One respondent made a particularly interesting point: she said she thinks that “happiness can exist only when you know sadness”; that it is all a game of relativity. Thus, according to this view, because we may be sad now, or have come to know deep sadnesses since childhood, we have come to see our childhoods as having been the ‘happiest’ times in our lives.

4. What do you think most people dislike about themselves [and that acts as a barrier to their acquisition of the Good Life]? 

The most popular theme that respondents touched upon, in response to this final question, was this one: people’s looks. Most people are insecure about certain aspects of their (or about their entire) appearances. This can have several secondary unfavourable effects: insecurities with one’s looks can affect one’s self-identity, as well as one’s behaviour around other people, and in the classroom or the workplace, and it can all take up a great deal of time and mental energy: how we feel about our appearances has the power to mould our entire realities. And sadly, we are living in an extremely visual and consumerist world, and the combination of these aspects tends to be particularly noxious for those of us who look like, you know, human beings. Stretch marks, chubbiness, skinniness, large birthmarks, uneven facial complexions. We want to air-brush these things away; look like the people we see in magazines, and on Instagram. It would appear as though we have collectively fallen in love with illusory cyborg appearances. We delude ourselves, by our own volition, with all this – once again: we know that ‘natural makeup’ is not natural at all; that, after a certain point, enlarged biceps stop serving a functional purpose in the real world [um…how many crates of apples do you intend to carry with those arms?] and yet we blindly consume from the funnels of all these outlets – these outlets whose job it is to create an evident separation between the ordinary (and real) and what is extremely elusive and difficult to attain: the stuff of Übermenschen.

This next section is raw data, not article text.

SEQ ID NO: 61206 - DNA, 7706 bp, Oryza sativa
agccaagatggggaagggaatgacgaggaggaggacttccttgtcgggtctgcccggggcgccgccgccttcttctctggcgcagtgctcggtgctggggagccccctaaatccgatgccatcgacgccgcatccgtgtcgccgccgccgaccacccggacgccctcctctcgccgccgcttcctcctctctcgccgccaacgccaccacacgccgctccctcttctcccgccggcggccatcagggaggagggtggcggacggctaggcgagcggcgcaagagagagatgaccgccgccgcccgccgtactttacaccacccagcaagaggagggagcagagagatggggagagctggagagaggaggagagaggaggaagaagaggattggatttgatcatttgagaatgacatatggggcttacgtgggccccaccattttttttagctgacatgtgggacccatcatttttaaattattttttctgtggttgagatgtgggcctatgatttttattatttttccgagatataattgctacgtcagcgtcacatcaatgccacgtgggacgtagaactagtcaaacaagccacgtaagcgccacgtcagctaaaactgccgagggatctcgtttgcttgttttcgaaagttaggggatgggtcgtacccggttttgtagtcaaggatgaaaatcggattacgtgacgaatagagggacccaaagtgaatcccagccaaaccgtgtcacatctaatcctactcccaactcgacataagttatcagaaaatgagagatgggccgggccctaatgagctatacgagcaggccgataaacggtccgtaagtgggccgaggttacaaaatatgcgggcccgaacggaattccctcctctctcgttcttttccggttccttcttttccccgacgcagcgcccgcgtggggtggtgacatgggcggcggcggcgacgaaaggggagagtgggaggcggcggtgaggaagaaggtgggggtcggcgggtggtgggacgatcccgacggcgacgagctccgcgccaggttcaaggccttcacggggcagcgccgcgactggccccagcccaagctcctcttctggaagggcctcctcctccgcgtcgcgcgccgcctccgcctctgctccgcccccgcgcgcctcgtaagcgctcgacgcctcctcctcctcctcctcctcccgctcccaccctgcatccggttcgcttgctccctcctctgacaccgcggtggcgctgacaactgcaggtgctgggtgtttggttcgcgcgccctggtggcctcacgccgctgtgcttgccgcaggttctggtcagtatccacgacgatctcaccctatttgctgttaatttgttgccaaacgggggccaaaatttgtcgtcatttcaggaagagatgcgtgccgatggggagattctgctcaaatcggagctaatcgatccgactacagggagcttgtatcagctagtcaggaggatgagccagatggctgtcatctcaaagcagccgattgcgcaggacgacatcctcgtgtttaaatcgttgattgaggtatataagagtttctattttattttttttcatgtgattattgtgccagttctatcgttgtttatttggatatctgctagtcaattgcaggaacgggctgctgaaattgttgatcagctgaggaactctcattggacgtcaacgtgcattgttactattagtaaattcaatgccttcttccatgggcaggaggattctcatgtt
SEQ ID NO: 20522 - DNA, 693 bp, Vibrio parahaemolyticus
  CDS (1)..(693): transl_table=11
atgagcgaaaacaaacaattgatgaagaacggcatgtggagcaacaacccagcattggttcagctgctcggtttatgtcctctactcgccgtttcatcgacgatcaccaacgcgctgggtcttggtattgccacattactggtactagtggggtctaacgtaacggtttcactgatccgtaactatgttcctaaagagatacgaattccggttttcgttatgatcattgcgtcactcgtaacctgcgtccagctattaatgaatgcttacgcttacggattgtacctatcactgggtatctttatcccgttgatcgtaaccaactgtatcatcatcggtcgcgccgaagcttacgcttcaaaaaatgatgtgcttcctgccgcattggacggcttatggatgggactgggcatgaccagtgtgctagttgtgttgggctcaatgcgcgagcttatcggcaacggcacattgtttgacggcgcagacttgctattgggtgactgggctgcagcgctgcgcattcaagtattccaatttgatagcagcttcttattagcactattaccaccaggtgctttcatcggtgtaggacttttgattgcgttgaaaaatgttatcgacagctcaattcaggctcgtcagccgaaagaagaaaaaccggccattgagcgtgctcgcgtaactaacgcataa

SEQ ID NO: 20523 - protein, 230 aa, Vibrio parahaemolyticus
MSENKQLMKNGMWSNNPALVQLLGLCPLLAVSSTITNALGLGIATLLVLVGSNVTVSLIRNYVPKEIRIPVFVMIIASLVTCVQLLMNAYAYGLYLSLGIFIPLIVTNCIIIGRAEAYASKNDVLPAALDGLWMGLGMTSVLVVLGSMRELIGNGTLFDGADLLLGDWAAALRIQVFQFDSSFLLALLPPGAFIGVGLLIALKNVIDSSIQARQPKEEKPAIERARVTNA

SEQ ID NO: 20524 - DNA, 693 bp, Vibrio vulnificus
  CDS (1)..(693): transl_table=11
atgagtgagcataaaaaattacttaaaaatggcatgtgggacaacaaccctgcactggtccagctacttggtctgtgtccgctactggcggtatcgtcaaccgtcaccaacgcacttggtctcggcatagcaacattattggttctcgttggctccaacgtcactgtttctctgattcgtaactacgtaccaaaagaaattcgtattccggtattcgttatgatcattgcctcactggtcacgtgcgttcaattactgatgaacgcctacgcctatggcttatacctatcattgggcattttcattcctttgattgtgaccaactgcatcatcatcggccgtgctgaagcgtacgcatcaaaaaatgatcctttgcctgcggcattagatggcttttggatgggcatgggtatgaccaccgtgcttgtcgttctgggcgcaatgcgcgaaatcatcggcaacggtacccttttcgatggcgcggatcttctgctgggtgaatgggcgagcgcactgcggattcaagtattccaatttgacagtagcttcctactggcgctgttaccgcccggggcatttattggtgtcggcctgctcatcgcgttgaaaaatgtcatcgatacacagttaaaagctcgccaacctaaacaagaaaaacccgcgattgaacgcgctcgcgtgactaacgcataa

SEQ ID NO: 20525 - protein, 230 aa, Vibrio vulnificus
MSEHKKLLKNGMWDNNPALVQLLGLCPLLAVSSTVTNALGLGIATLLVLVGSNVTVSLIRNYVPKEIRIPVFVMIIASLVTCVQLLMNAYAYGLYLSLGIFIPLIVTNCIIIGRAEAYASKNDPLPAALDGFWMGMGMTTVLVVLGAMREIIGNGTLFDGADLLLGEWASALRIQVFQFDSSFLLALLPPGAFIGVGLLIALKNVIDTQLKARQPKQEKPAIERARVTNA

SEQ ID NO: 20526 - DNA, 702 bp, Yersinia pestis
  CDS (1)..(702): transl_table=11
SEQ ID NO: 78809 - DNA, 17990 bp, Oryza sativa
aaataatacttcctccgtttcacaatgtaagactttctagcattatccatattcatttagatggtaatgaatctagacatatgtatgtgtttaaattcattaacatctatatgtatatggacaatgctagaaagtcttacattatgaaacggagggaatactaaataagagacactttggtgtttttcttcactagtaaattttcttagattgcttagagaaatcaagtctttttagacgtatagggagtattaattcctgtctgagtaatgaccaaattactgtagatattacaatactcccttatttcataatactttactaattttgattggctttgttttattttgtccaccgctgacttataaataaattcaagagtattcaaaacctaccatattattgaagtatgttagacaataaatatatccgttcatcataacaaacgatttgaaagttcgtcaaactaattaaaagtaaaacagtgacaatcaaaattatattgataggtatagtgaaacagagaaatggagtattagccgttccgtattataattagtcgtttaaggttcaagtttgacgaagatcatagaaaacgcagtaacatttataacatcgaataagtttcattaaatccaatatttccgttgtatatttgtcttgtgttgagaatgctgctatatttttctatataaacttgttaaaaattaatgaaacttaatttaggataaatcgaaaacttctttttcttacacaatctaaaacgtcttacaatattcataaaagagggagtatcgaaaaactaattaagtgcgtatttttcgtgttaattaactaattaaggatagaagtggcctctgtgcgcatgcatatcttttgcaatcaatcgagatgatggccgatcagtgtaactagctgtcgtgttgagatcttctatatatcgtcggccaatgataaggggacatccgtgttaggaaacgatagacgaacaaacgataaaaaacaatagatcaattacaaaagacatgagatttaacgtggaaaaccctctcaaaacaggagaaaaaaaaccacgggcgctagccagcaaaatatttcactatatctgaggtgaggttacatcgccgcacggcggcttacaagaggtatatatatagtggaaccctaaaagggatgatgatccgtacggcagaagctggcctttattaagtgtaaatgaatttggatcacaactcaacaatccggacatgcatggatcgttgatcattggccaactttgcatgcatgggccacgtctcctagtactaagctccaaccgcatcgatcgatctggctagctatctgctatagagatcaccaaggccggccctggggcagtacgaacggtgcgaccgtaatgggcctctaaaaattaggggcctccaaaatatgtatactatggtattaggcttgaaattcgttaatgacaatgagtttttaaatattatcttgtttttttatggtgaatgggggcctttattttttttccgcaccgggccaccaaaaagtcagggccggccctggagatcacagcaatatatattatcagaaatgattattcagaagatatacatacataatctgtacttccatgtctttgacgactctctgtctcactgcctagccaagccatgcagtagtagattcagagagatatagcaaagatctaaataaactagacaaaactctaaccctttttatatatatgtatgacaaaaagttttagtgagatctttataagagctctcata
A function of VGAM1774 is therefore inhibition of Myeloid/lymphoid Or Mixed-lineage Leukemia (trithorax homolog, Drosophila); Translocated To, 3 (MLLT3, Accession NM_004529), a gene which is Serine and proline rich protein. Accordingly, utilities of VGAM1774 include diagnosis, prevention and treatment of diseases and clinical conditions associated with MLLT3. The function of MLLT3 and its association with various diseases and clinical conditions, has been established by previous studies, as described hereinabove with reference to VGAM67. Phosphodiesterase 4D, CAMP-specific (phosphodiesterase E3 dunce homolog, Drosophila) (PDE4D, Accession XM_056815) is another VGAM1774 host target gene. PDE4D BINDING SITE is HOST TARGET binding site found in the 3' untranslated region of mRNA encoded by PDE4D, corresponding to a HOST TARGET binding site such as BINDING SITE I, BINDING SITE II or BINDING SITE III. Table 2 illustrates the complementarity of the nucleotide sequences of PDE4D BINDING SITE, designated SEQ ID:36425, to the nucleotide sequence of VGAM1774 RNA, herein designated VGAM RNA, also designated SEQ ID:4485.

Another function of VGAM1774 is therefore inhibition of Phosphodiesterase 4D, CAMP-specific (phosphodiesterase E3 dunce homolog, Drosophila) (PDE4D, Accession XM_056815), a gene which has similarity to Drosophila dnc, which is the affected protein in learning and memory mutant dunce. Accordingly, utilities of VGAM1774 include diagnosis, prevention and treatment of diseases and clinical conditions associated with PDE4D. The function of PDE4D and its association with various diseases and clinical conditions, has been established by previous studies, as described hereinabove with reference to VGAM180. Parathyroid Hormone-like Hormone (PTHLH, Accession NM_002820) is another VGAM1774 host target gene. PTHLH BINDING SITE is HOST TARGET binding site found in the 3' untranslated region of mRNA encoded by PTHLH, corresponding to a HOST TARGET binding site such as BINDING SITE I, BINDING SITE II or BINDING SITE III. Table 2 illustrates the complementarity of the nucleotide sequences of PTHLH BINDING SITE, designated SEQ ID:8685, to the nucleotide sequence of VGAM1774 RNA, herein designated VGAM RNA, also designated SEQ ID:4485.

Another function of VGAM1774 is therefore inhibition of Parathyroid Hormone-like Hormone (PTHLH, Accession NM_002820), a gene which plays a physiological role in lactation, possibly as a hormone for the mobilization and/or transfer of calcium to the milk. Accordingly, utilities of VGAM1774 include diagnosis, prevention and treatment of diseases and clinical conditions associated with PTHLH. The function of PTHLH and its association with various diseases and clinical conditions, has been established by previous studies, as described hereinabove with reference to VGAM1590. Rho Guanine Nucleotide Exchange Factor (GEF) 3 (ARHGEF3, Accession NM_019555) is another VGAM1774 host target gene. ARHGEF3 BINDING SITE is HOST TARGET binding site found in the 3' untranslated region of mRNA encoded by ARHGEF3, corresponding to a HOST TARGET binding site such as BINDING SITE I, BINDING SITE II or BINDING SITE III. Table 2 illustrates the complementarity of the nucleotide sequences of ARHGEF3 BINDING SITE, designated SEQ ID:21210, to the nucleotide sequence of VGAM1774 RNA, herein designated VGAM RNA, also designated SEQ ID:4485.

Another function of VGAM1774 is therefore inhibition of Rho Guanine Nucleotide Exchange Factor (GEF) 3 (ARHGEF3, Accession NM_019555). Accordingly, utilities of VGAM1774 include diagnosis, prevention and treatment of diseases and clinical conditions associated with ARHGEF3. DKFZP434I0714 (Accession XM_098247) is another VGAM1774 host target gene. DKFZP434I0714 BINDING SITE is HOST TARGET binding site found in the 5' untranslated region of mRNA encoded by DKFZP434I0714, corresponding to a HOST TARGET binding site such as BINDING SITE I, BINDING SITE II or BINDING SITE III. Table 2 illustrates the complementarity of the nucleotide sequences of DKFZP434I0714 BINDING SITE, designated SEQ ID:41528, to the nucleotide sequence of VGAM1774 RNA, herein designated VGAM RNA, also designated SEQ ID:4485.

The second most popular topic that was touched upon, in response to this fourth question, was about individual talents: discontentment with one’s abilities – academic, creative, professional – and a consequent ongoing feeling of being inadequate in comparison to others – leads to many being unable to taste the sweetness of their own lives, unfortunately. But it really does come down to that thing that we tell young children when they come to us and tell us why Maths could never be their favourite subject: “I’m no good at it”. But what is the point of being good at something, if you do not enjoy doing the thing in the first place? Personal enjoyment is far more joy-inducing and desirable, surely, than the knowledge that you have outshined others at what you are doing? Self-comparison truly is a notorious thief of joy, and it turns otherwise nice things – like the process of learning, or the arts of writing or painting – into mere competitions and boasting festivals…

The question of the Good Life has perplexed, fascinated, and inspired philosophers, poets, writers, artists, and humanity in general, alike, for centuries. What might a good human life look like? What are the barriers that prevent us from getting there? And how can we satisfactorily deal with said barriers?